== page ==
In normal times, the main transactions affecting demand for forex are imports, repatriation of income by foreign entities operating in Sierra Leone, increases in forex reserves by the central bank. In today’s environment, anecdotal evidence suggests that there might be a slight reduction in imports of basic goods and services. Most business people complain that “money nor dae flow”. This affects the turnover of importers who would then slow the rate (or volume) at which they import and decrease their demand for forex. There isn’t much policy makers can do to reduce demand further. However, in the short term, policy makers can review public sector demand for forex. This demand comes from procurement of imported goods and foreign services, including foreign travel. When “money nor dae flow”, foreign companies that cater to the domestic market are also affected. This will affect turnover and income they repatriate to their home countries and reduce their demand for forex.
Exports, foreign investments into Sierra Leone and current transfers account for most of the transactions that affect the supply of forex. Increasing exports can increase supply of forex, but doing so in the current environment can be difficult. Increasing exports in our main agricultural products requires investments to increase output and it takes years to realize the increased output. Recent foreign direct investments in large agricultural projects are positive developments that should result in a slight increase in supply in the short run as investors bring in forex to set up operations. In the medium term, these investments will either significantly increase supply of forex by increasing exports or reduce the demand for forex by producing goods that can be substituted for imports. Either way, they would reduce pressure on the Leone. Similarly, increasing exports in the mining sector takes time and investment. That investment depends on global prices and demand for mineral commodities. While mining activity for some commodities continues to be stable, the iron ore sector has not recovered from its recent slump. The government’s push to attract investors in this sector should positively affect the supply of forex in the medium term. Privatization of state assets to foreign investors can also increase supply of forex as investors would bring in forex to complete those transactions. However, privatizations should focus on assets for which the government can extract value.
Forex supply could be negatively affected if exporters drastically reduce the volume of forex brought back into the country, because of low investor confidence. That’s a form of capital flight that gets around capital controls. In times of economic stress, capital flight can disrupt the forex market and cause sharp movements in the forex rates. These movements can be amplified if there is a rush to convert the domestic currency into forex. In such times, policy measures should focus on restoring confidence in the currency and the economy.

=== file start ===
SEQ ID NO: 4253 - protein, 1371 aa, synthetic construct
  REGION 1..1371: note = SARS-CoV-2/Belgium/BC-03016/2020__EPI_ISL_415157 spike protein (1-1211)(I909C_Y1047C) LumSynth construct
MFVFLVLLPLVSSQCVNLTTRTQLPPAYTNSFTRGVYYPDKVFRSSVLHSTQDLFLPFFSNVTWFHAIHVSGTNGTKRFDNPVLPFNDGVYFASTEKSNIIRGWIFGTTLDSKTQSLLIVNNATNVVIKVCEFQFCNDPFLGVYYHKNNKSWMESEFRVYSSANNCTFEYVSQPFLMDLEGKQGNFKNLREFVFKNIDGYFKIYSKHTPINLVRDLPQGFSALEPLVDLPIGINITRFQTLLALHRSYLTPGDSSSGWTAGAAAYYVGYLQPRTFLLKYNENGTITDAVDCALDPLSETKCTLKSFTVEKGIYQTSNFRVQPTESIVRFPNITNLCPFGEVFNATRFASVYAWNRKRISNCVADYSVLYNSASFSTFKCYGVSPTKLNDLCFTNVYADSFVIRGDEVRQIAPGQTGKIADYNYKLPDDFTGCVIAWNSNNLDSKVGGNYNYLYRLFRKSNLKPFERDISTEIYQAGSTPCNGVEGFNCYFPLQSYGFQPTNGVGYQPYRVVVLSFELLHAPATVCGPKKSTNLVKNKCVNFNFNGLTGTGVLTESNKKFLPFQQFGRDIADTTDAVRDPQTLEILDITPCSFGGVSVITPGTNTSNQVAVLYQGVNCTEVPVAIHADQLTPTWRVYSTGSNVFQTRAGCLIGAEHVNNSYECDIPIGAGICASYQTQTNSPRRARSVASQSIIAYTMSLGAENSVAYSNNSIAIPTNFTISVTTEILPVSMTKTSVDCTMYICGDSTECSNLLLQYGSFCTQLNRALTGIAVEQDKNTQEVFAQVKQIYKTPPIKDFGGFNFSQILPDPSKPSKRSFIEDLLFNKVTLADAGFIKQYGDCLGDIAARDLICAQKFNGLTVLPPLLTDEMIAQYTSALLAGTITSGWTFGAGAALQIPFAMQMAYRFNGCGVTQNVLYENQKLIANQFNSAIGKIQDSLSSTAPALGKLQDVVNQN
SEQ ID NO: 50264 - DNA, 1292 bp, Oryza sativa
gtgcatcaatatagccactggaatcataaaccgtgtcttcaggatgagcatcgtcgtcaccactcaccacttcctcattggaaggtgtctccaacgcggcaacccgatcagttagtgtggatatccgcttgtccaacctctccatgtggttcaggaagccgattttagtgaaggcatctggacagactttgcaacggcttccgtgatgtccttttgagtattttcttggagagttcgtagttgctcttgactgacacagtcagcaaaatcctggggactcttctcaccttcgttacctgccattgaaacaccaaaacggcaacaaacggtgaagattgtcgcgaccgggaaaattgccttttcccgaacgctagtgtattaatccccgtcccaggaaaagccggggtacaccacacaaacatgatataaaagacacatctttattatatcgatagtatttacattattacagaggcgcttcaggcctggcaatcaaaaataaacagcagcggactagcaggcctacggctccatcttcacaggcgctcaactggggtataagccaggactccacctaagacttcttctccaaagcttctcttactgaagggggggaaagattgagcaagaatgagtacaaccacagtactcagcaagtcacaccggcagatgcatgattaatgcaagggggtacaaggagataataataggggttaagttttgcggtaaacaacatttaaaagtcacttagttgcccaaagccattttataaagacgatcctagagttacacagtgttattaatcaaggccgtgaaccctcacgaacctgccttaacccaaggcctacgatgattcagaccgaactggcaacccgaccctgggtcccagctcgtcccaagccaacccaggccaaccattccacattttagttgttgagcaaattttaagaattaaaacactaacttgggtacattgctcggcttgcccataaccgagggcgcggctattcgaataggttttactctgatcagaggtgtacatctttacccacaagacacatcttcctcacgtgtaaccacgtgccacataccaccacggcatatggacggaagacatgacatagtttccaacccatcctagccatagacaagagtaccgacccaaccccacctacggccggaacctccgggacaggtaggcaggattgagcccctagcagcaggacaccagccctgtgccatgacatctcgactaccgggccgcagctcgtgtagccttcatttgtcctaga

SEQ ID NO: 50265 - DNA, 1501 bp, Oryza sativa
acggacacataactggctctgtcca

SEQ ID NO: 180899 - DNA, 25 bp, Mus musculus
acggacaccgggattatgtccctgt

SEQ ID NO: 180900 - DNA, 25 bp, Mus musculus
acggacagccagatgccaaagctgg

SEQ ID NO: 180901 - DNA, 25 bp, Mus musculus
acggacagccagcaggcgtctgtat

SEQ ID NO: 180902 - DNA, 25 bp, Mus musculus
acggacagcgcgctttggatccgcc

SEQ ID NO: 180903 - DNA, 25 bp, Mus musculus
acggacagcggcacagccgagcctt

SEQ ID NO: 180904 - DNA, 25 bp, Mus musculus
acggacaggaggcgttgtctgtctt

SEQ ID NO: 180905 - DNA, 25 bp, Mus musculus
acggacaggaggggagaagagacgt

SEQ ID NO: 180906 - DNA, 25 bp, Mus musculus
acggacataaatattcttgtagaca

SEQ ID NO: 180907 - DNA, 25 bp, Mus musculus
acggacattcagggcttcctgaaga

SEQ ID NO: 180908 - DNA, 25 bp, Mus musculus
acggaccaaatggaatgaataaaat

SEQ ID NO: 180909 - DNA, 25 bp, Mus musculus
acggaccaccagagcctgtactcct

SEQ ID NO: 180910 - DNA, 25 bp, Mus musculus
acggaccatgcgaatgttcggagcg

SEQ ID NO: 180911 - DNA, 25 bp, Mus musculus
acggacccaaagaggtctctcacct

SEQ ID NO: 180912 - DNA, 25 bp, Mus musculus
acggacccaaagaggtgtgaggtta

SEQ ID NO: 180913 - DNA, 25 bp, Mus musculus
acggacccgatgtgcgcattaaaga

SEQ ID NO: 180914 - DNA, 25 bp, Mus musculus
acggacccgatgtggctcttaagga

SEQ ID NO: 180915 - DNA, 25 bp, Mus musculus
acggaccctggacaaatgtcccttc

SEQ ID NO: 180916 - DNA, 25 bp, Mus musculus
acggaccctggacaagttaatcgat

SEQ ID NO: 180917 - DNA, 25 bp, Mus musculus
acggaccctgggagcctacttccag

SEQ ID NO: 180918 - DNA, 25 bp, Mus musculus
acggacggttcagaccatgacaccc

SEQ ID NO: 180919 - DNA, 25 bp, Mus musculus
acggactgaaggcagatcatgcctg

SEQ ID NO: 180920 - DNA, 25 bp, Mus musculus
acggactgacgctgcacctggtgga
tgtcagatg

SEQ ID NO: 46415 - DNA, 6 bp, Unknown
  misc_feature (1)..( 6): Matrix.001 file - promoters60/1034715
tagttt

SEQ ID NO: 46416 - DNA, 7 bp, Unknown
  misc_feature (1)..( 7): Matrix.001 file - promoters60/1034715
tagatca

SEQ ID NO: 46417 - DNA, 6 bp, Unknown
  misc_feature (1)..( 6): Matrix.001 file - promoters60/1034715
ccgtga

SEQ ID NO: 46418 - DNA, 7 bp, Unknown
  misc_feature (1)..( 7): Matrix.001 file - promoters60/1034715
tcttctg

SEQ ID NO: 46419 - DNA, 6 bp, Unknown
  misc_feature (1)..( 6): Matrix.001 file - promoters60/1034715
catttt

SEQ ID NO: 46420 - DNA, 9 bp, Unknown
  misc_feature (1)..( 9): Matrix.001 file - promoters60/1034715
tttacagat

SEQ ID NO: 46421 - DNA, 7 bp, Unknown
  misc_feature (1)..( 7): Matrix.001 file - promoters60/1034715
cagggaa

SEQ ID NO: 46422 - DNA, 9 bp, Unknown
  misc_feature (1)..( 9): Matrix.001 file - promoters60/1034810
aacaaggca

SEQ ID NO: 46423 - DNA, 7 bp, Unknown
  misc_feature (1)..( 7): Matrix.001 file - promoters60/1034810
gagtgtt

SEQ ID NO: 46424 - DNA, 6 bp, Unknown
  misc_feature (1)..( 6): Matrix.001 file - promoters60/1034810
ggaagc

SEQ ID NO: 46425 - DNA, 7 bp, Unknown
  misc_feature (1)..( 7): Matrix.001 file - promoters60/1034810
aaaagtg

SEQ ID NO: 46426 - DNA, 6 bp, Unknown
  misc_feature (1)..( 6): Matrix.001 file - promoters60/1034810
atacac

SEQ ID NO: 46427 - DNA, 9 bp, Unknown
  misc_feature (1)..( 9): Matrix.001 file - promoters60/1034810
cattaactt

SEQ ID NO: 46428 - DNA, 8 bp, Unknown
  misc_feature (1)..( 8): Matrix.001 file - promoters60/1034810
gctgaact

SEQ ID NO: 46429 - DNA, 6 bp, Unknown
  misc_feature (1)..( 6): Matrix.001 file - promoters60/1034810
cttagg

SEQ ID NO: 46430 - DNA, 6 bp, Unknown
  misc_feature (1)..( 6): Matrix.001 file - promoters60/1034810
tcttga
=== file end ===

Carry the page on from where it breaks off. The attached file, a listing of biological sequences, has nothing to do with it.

Increased exports of services will increase supply of forex in the medium term. Tourism is perhaps the most lucrative sector as tourists bring in forex to pay for goods and services locally. The government should continue its efforts to rebrand Sierra Leone and intensify collaborations with domestic and foreign industry experts to boost tourism. There is also enormous potential for outsourcing. Fiber optic connectivity makes it possible for Sierra Leone to use its GMT time zone advantage to provide outsourced back office services to foreign firms across operating multiple time zones. Payments for these services will be in forex.
Foreign financial investments that come in the form of loans to the government and current transfers that are grants to the government are the other transactions that can increase supply of forex. These usually come in the form of “macroeconomic stability” packages from multilateral donor partners like the IMF and the World Bank Group. For countries like Sierra Leone that do not have access to global capital markets, this source of forex is usually the last resort. It usually requires negotiation with donor partners at times when the country has little leverage. As a result, the timing of the disbursement(s) is out of the control of our policy makers.
The recent decline in the currency is a concern for Sierra Leoneans because the short term options policy makers have for tackling it are limited. In the short term, policy makers should focus on measures that will restore confidence in the currency and the economy, while taking actions to reduce public demand for forex, bring forward capital injection or current transfers from donor partners. They should also explore efficient privatization of state assets. In the medium term, policy makers should continue focus on expansion of economic activity in sectors that will increase supply for forex through exports or decrease demand for forex through import substitution. In addition, policy makers should consider creation of a forex stabilization fund that will enable them to effectively intervene in the forex markets in the future.
MATHEMATICS QUESTION FOR THE BIO GOVERNMENT.
1.PREZ KOROMA MET THE EXCHANGE RATE AT LE3,500/$1 AND TOOK 11YRS TO REACH LE7,500/$1.
IN JUST 11 MONTHS OF BIO ADMINISTRATION, OUR EXCHANGE RATE IS NOW LE10,000/$1. WHAT WILL BE THE EXPECTED EXCHANGE RATE IN FIVE YEARS OF THE BIO RULE? ALSO SHOW THE PERCENTAGE INCREASE IN YOU ROUGH WORK.
2. PETROL WAS MET LE4,500/L AND NOW LE7,000/L, HOW MUCH IS THE EXPECTED PRICE IN THE NEXT FIVE YEARS?
3. HOW IS THE SKYROCKETING INFLATION AFFECTED LOCAL INVESTORS AND STANDARD OF LIVING OF THE PEOPLE?